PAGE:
In accordance with the RBI guidelines, investments are classified at
the date of purchase as:
- Held for Trading (''H FT'');
- Available for Sale (''AFS''); and
- Held to Maturity (''HTM'').
Investments that are held principally for sale within a short period
are classified as HFT securities. As per the RBI guidelines, HFT
securities, which remain unsold for a period of 90 days are
reclassified as AFS securities as on that date.
Investments that the Bank intends to hold till maturity are classified
under the HTM category.
All other investments are classified as AFS securities.
However, for disclosure in the Balance Sheet, investments in India are
classified under six categories - Government Securities, Other approved
securities, Shares, Debentures and Bonds, Investment in
Subsidiaries/Joint Ventures and Others.
Investments made outside India are classified under three categories -
Government Securities, Subsidiaries and/or Joint Ventures abroad and
Transfer of security between categories
Transfer of security between categories of investments is accounted as
per the RBI guidelines.
Costs including brokerage, commission pertaining to investments, paid
at the time of acquisition, are charged to the Profit and Loss Account.
Broken period interest is charged to the Profit and Loss Account.
Cost of investments is computed based on the weighted average cost
Investments classified under the HTM category are carried at
acquisition cost unless it is more than the face value, in which case
the premium is amortised over the period remaining to maturity. In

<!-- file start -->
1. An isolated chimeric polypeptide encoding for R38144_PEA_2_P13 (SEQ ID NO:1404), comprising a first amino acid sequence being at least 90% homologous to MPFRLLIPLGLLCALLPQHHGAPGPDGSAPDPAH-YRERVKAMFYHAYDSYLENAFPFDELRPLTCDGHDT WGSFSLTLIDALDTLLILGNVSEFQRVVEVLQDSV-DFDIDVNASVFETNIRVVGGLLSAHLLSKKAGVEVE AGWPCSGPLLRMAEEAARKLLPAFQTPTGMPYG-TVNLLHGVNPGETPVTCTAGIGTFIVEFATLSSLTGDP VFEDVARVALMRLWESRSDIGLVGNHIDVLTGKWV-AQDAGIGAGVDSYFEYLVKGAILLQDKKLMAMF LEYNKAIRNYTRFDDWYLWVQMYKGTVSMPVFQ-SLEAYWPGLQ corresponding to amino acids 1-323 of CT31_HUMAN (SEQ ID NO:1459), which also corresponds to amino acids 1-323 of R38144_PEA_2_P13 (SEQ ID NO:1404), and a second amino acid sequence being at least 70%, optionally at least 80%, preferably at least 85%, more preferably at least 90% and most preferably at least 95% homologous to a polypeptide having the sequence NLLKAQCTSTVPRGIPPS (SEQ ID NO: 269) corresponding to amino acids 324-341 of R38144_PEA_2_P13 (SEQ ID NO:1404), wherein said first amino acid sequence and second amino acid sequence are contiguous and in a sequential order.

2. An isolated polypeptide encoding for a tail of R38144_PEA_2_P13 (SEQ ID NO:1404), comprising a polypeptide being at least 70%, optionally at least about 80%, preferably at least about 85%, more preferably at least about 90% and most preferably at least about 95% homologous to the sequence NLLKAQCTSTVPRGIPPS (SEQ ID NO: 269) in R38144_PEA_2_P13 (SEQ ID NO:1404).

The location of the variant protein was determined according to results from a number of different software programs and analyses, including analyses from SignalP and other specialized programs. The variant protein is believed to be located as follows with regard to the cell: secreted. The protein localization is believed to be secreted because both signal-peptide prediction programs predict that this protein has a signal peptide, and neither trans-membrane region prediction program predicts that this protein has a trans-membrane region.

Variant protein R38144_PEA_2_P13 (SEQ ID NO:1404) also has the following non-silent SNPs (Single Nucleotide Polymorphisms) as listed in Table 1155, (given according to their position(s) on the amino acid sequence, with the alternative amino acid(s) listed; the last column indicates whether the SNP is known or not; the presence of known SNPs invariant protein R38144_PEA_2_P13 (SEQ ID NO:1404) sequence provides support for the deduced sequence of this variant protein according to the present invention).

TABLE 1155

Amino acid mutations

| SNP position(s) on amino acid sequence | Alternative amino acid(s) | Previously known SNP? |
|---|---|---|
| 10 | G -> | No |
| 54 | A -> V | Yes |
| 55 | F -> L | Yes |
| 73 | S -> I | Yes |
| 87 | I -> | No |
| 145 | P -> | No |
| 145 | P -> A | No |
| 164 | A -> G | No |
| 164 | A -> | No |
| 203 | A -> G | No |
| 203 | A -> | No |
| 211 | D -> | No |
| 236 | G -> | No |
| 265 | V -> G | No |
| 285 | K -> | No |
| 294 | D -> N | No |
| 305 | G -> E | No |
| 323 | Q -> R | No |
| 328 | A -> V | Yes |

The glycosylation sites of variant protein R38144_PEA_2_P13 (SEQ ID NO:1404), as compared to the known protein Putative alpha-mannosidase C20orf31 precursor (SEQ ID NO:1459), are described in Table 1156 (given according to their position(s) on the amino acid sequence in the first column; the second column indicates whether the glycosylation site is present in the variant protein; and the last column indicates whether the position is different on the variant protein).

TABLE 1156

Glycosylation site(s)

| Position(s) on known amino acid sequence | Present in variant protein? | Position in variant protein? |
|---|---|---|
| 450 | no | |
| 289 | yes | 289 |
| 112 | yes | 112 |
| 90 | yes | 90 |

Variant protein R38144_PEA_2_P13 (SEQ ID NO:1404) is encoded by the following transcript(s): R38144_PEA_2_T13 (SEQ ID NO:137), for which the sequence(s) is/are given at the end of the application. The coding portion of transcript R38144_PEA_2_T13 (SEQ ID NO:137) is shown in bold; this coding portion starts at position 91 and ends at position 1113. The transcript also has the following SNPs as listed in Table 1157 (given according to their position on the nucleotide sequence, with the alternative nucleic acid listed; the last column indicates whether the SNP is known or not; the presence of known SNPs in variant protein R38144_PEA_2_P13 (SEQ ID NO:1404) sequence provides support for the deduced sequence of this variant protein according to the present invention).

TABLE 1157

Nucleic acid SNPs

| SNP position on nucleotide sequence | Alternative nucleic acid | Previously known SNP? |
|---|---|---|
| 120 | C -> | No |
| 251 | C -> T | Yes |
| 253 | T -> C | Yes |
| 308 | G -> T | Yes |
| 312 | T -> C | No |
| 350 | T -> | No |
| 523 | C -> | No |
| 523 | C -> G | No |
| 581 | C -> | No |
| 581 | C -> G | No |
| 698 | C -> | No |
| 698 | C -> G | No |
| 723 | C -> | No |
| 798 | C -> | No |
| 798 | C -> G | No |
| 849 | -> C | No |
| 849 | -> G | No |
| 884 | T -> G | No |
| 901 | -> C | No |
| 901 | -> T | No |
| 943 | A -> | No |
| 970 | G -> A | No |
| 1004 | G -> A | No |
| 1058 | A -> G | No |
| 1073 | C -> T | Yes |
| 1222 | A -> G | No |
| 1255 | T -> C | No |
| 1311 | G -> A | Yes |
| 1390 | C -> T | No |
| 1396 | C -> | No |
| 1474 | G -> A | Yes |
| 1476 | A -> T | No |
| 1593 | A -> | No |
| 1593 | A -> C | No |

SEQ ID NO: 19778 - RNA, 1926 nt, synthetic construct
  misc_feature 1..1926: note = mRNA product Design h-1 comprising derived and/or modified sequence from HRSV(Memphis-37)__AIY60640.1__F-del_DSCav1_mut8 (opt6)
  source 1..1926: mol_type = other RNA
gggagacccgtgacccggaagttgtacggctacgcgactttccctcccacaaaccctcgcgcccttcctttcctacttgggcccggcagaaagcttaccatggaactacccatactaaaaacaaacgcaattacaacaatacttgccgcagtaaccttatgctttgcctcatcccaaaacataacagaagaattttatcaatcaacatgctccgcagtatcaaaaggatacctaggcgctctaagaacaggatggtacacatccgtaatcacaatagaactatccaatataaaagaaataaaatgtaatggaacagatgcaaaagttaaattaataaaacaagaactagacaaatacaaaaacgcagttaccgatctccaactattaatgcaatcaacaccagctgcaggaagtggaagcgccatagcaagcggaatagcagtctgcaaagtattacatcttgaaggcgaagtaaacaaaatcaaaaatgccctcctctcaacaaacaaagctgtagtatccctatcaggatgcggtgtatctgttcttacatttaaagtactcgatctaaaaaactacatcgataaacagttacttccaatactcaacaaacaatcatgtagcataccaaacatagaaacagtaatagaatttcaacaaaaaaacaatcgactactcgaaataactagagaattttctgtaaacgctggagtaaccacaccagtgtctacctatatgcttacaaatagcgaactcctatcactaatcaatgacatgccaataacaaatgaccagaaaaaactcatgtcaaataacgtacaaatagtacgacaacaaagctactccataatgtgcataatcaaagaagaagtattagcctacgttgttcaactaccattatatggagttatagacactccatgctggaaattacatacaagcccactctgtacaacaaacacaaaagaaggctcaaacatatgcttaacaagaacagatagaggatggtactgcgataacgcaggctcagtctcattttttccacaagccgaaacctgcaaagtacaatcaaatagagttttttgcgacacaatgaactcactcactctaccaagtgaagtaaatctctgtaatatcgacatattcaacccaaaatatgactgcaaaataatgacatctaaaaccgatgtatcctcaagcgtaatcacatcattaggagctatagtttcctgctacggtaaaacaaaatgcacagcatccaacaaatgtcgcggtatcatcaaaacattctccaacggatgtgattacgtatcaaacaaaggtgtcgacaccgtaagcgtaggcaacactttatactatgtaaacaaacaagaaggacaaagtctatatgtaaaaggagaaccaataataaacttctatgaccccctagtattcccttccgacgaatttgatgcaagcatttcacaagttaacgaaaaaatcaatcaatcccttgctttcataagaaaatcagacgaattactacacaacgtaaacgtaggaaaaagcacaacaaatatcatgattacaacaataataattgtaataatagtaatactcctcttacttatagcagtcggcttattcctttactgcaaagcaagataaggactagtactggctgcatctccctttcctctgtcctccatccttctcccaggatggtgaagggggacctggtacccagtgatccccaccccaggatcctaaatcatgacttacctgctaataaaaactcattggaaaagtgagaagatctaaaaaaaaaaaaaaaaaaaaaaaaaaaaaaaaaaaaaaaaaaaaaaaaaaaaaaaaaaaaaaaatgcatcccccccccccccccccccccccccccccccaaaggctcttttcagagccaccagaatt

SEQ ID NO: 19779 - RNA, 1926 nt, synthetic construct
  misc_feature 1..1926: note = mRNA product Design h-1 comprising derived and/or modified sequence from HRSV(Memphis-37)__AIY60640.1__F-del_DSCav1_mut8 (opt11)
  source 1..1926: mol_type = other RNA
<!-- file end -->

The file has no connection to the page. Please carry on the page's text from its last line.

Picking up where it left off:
terms of RBI guidelines, discount on securities held under HTM category
is not accrued and such securities are held at the acquisition cost
Investments classified under the AFS and HFT categories are marked to
market. The market/fair value of quoted investments included in the
''AFS'' and ''HFT'' categories is the market price of the scrip as
available from the trades/ quotes on the stock exchanges or prices
declared by Primary Dealers Association of India (''PDAI'') jointly with
Fixed Income Money Market and Derivatives Association of India
(''FIMMDA''), periodically. Net depreciation, if any, within each
category of each investment classification is recognised in the Profit
and Loss Account. The net appreciation if any, under each category of
each investment classification is ignored. The book value of individual
securities is not changed consequent to the periodic valuation of
Treasury Bills, Exchange Funded Bills, Commercial Paper and Certificate
of Deposits being discounted instruments, are valued at carrying cost.
Units of mutual funds are valued at the latest repurchase price/net